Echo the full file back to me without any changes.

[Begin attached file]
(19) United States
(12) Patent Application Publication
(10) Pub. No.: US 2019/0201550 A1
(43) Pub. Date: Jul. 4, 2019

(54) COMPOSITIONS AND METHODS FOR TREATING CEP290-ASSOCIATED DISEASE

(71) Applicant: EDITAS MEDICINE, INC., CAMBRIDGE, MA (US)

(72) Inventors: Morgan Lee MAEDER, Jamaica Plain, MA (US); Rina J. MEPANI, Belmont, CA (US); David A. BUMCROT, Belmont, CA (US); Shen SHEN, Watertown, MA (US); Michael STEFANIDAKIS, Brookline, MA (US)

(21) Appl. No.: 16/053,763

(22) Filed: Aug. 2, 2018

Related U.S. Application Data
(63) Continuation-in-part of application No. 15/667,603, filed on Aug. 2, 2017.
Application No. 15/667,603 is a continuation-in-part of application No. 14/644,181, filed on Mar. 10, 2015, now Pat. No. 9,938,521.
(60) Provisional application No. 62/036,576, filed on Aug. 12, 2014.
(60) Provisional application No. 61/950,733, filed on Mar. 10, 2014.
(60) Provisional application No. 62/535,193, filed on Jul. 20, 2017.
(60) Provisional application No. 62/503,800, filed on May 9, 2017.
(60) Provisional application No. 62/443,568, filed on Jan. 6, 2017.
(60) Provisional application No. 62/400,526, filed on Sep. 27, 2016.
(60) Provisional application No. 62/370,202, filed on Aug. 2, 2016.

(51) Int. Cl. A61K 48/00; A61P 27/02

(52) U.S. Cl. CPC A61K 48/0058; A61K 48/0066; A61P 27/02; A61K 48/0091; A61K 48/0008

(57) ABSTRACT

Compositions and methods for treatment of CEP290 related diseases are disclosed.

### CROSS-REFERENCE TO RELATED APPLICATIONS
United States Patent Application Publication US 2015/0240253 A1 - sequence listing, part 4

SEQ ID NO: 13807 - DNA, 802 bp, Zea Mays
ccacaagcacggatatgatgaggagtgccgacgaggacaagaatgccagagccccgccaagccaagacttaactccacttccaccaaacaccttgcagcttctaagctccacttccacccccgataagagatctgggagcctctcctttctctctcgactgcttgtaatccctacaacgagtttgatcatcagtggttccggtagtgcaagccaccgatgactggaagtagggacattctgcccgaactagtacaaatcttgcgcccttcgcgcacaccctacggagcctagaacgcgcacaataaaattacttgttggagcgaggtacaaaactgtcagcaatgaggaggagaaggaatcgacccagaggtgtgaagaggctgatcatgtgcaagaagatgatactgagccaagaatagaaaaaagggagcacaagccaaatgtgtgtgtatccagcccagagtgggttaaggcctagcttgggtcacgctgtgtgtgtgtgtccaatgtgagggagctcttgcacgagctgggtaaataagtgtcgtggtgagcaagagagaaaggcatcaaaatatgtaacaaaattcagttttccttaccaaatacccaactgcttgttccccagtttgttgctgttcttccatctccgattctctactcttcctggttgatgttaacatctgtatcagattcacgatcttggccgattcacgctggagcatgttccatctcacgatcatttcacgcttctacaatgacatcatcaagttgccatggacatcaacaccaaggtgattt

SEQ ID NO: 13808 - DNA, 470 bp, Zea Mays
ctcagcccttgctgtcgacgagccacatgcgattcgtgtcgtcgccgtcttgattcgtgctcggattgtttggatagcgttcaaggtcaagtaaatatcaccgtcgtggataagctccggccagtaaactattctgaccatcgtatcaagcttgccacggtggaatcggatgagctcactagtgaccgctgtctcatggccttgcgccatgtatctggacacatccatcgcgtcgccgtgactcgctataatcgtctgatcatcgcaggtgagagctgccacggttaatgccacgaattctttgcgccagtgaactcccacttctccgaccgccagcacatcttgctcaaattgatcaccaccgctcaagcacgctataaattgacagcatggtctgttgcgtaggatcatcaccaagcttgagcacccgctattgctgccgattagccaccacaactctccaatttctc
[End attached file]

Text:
(19) United States
(12) Patent Application Publication
(10) Pub. No.: US 2019/0201550 A1
(43) Pub. Date: Jul. 4, 2019

(54) COMPOSITIONS AND METHODS FOR TREATING CEP290-ASSOCIATED DISEASE

(71) Applicant: EDITAS MEDICINE, INC., CAMBRIDGE, MA (US)

(72) Inventors: Morgan Lee MAEDER, Jamaica Plain, MA (US); Rina J. MEPANI, Belmont, CA (US); David A. BUMCROT, Belmont, CA (US); Shen SHEN, Watertown, MA (US); Michael STEFANIDAKIS, Brookline, MA (US)

(21) Appl. No.: 16/053,763

(22) Filed: Aug. 2, 2018

Related U.S. Application Data
(63) Continuation-in-part of application No. 15/667,603, filed on Aug. 2, 2017.
Application No. 15/667,603 is a continuation-in-part of application No. 14/644,181, filed on Mar. 10, 2015, now Pat. No. 9,938,521.
(60) Provisional application No. 62/036,576, filed on Aug. 12, 2014.
(60) Provisional application No. 61/950,733, filed on Mar. 10, 2014.
(60) Provisional application No. 62/535,193, filed on Jul. 20, 2017.
(60) Provisional application No. 62/503,800, filed on May 9, 2017.
(60) Provisional application No. 62/443,568, filed on Jan. 6, 2017.
(60) Provisional application No. 62/400,526, filed on Sep. 27, 2016.
(60) Provisional application No. 62/370,202, filed on Aug. 2, 2016.

(51) Int. Cl. A61K 48/00; A61P 27/02

(52) U.S. Cl. CPC A61K 48/0058; A61K 48/0066; A61P 27/02; A61K 48/0091; A61K 48/0008

(57) ABSTRACT

Compositions and methods for treatment of CEP290 related diseases are disclosed.

### CROSS-REFERENCE TO RELATED APPLICATIONS
United States Patent Application Publication US 2015/0240253 A1 - sequence listing, part 4

SEQ ID NO: 13807 - DNA, 802 bp, Zea Mays
ccacaagcacggatatgatgaggagtgccgacgaggacaagaatgccagagccccgccaagccaagacttaactccacttccaccaaacaccttgcagcttctaagctccacttccacccccgataagagatctgggagcctctcctttctctctcgactgcttgtaatccctacaacgagtttgatcatcagtggttccggtagtgcaagccaccgatgactggaagtagggacattctgcccgaactagtacaaatcttgcgcccttcgcgcacaccctacggagcctagaacgcgcacaataaaattacttgttggagcgaggtacaaaactgtcagcaatgaggaggagaaggaatcgacccagaggtgtgaagaggctgatcatgtgcaagaagatgatactgagccaagaatagaaaaaagggagcacaagccaaatgtgtgtgtatccagcccagagtgggttaaggcctagcttgggtcacgctgtgtgtgtgtgtccaatgtgagggagctcttgcacgagctgggtaaataagtgtcgtggtgagcaagagagaaaggcatcaaaatatgtaacaaaattcagttttccttaccaaatacccaactgcttgttccccagtttgttgctgttcttccatctccgattctctactcttcctggttgatgttaacatctgtatcagattcacgatcttggccgattcacgctggagcatgttccatctcacgatcatttcacgcttctacaatgacatcatcaagttgccatggacatcaacaccaaggtgattt

SEQ ID NO: 13808 - DNA, 470 bp, Zea Mays
ctcagcccttgctgtcgacgagccacatgcgattcgtgtcgtcgccgtcttgattcgtgctcggattgtttggatagcgttcaaggtcaagtaaatatcaccgtcgtggataagctccggccagtaaactattctgaccatcgtatcaagcttgccacggtggaatcggatgagctcactagtgaccgctgtctcatggccttgcgccatgtatctggacacatccatcgcgtcgccgtgactcgctataatcgtctgatcatcgcaggtgagagctgccacggttaatgccacgaattctttgcgccagtgaactcccacttctccgaccgccagcacatcttgctcaaattgatcaccaccgctcaagcacgctataaattgacagcatggtctgttgcgtaggatcatcaccaagcttgagcacccgctattgctgccgattagccaccacaactctccaatttctc